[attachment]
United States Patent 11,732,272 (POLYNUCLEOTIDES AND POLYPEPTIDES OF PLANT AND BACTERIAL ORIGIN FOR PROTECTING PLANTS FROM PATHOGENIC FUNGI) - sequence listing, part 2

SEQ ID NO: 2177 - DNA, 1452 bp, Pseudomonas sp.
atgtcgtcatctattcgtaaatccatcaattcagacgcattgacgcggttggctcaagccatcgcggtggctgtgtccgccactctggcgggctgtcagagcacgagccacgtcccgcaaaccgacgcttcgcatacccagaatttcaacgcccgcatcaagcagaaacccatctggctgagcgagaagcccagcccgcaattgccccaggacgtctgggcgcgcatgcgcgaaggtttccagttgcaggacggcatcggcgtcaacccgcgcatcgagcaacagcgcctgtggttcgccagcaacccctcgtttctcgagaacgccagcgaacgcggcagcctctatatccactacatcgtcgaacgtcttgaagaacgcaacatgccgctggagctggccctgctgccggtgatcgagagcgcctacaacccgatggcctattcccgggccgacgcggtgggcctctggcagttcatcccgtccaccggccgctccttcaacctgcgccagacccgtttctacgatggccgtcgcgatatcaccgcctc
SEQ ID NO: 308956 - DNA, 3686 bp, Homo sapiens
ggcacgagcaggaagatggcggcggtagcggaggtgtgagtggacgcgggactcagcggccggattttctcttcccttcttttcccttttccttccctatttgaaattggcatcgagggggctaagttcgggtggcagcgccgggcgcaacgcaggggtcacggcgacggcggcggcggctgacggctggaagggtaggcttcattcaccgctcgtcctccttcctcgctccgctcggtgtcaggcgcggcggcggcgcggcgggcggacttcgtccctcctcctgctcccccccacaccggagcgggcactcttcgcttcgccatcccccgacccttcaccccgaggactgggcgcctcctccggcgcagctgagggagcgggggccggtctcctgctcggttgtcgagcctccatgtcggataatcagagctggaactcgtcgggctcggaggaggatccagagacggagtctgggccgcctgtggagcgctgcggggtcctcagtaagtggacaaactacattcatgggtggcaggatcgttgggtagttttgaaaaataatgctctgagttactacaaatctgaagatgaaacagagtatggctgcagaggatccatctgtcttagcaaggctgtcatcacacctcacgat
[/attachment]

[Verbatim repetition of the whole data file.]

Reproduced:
United States Patent 11,732,272 (POLYNUCLEOTIDES AND POLYPEPTIDES OF PLANT AND BACTERIAL ORIGIN FOR PROTECTING PLANTS FROM PATHOGENIC FUNGI) - sequence listing, part 2

SEQ ID NO: 2177 - DNA, 1452 bp, Pseudomonas sp.
atgtcgtcatctattcgtaaatccatcaattcagacgcattgacgcggttggctcaagccatcgcggtggctgtgtccgccactctggcgggctgtcagagcacgagccacgtcccgcaaaccgacgcttcgcatacccagaatttcaacgcccgcatcaagcagaaacccatctggctgagcgagaagcccagcccgcaattgccccaggacgtctgggcgcgcatgcgcgaaggtttccagttgcaggacggcatcggcgtcaacccgcgcatcgagcaacagcgcctgtggttcgccagcaacccctcgtttctcgagaacgccagcgaacgcggcagcctctatatccactacatcgtcgaacgtcttgaagaacgcaacatgccgctggagctggccctgctgccggtgatcgagagcgcctacaacccgatggcctattcccgggccgacgcggtgggcctctggcagttcatcccgtccaccggccgctccttcaacctgcgccagacccgtttctacgatggccgtcgcgatatcaccgcctc
SEQ ID NO: 308956 - DNA, 3686 bp, Homo sapiens
ggcacgagcaggaagatggcggcggtagcggaggtgtgagtggacgcgggactcagcggccggattttctcttcccttcttttcccttttccttccctatttgaaattggcatcgagggggctaagttcgggtggcagcgccgggcgcaacgcaggggtcacggcgacggcggcggcggctgacggctggaagggtaggcttcattcaccgctcgtcctccttcctcgctccgctcggtgtcaggcgcggcggcggcgcggcgggcggacttcgtccctcctcctgctcccccccacaccggagcgggcactcttcgcttcgccatcccccgacccttcaccccgaggactgggcgcctcctccggcgcagctgagggagcgggggccggtctcctgctcggttgtcgagcctccatgtcggataatcagagctggaactcgtcgggctcggaggaggatccagagacggagtctgggccgcctgtggagcgctgcggggtcctcagtaagtggacaaactacattcatgggtggcaggatcgttgggtagttttgaaaaataatgctctgagttactacaaatctgaagatgaaacagagtatggctgcagaggatccatctgtcttagcaaggctgtcatcacacctcacgat